- £82.2bn – total value of assets under management
- 9.75% – average per annum investment return for the defined benefit fund, over five years
- £66 million – how much lower USS’s annual investment management costs were than its peers
- £15.2bn – estimated Technical Provisions deficit
- 88% – of employers who rate their relationship with USS as good/very good
Universities Superannuation Scheme has published its annual Report and Accounts, covering the financial year to 31 March 2021.
Investment returns for the scheme’s defined benefit (DB) assets averaged 9.75% pa over the five years to 31 March 2021, helping the DB fund to increase by £30.8bn in that time.
By managing the majority of its investments in-house, USS saves money compared to the expense of external management.
According to the latest independent analysis, USS’s annual investment management costs were £66 million lower than its peers1.
In June 2020, USS Investment Management announced its first exclusions policy. USS has since stated its ambition to be ‘Net Zero’ for carbon by 2050, if not before.
At 31 March 2021, total assets under management were £82.2bn (2020: £67.6bn). Its DB fund stood at £80.6bn, while its defined contribution (DC) assets totalled £1.6bn.
Its estimated DB funding deficit stood at £15.2bn on a Technical Provisions basis, based on monitoring of key financial measures since the 2018 valuation (2020: £12.9 billion). The funding ratio on the same basis was static at 84%.
- USS’s membership grew in 2020/21 by more than 15,000, from 459,714 to 476,002 (203,995 active, 194,044 deferred, 77,963 retired).
- All members of USS are part of the scheme’s DB section; around 91,000 members now hold supplementary DC assets with the scheme, which were worth £1.6bn at 31 March 2021 (2020: £1.1bn).
Bill Galvin, USS Group Chief Executive, said: “Through an extraordinary year, we have worked hard to deliver the best outcomes possible for members. Service levels have remained very strong, through all the challenges. Our asset values have grown by £30bn over five years, and our operating model continues to ensure we manage our assets at a cost lower than our peers.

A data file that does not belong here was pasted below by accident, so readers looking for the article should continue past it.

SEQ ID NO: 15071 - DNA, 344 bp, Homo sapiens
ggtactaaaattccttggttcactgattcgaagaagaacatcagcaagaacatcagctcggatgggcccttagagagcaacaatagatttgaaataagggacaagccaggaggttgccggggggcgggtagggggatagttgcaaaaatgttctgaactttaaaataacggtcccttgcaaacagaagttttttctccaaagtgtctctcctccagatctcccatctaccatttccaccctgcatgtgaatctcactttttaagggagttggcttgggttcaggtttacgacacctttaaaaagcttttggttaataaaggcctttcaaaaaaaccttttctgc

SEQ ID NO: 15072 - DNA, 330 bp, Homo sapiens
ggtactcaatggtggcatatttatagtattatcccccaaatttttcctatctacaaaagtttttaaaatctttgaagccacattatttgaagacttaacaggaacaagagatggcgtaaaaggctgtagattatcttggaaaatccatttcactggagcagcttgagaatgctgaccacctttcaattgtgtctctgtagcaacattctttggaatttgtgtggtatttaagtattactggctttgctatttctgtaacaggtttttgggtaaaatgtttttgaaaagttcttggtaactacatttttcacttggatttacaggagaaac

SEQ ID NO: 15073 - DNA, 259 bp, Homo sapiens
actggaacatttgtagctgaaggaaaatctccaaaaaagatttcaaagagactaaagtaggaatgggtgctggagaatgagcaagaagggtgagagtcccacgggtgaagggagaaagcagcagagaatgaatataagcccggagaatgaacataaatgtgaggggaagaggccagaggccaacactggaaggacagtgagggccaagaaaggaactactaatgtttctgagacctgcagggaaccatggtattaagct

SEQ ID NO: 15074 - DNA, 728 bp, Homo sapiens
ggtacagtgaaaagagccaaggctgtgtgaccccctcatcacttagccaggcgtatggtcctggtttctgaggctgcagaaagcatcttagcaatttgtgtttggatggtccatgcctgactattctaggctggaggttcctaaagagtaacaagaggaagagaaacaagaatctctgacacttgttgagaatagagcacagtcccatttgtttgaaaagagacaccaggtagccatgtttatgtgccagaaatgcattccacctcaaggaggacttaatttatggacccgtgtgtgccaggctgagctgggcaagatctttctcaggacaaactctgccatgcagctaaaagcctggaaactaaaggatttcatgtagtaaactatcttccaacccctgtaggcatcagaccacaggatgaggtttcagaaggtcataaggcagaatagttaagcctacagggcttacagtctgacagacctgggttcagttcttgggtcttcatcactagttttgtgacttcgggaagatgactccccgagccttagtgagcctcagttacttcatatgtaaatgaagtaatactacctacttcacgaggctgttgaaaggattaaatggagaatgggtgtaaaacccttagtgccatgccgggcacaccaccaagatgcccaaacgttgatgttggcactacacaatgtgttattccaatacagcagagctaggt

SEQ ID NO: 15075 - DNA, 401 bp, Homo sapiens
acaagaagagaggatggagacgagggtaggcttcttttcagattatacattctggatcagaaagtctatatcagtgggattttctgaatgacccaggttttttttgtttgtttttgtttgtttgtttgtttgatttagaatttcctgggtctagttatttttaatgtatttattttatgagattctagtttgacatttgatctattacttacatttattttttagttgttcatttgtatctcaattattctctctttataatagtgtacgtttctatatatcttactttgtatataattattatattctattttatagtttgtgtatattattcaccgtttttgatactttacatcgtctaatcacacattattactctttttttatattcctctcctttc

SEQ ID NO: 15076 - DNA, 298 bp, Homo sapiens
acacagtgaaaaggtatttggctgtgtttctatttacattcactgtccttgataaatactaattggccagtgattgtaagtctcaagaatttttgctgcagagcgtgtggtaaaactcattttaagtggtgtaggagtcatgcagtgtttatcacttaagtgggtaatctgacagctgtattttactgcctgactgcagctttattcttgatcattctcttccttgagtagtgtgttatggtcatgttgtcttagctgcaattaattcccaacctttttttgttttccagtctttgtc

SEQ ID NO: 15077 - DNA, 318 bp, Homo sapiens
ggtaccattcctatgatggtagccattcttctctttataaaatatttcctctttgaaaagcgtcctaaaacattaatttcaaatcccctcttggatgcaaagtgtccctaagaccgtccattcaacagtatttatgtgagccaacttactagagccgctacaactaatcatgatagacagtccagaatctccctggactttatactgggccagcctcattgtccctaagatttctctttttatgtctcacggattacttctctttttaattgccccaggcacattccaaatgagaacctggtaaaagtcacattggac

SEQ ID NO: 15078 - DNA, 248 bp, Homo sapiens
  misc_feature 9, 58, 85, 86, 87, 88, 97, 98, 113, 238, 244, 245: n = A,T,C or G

“But the value of the inflation-protected pensions promised to our members has also soared, and so our funding ratio remains static. We’re working exceptionally hard with our stakeholders on the changes required to ensure the scheme’s funding of past promises and future benefits is appropriate and balances the interests of all members.”
Dame Kate Barker, Chair of the USSL Trustee Board, said: “Despite the strong rebound in financial markets supported by concerted government and central bank actions, we still face major challenges in dealing with the wide‑ranging financial impacts of the Coronavirus pandemic – in addition to the pressures the scheme was already under. Over the coming months we will continue to engage with Universities UK, University and College Union and The Pensions Regulator to find the best way forward.
“Whatever circumstances arise, I am convinced that USS has the leadership, the principles and the professionalism to deliver secure pensions and first-class services to our members.”
View the latest updates on the 2020 valuation.
1 According to the latest independent analysis by CEM Benchmarking; investment management costs (as a proportion of assets under management) of schemes of a similar size and complexity to USS, covering calendar year 2019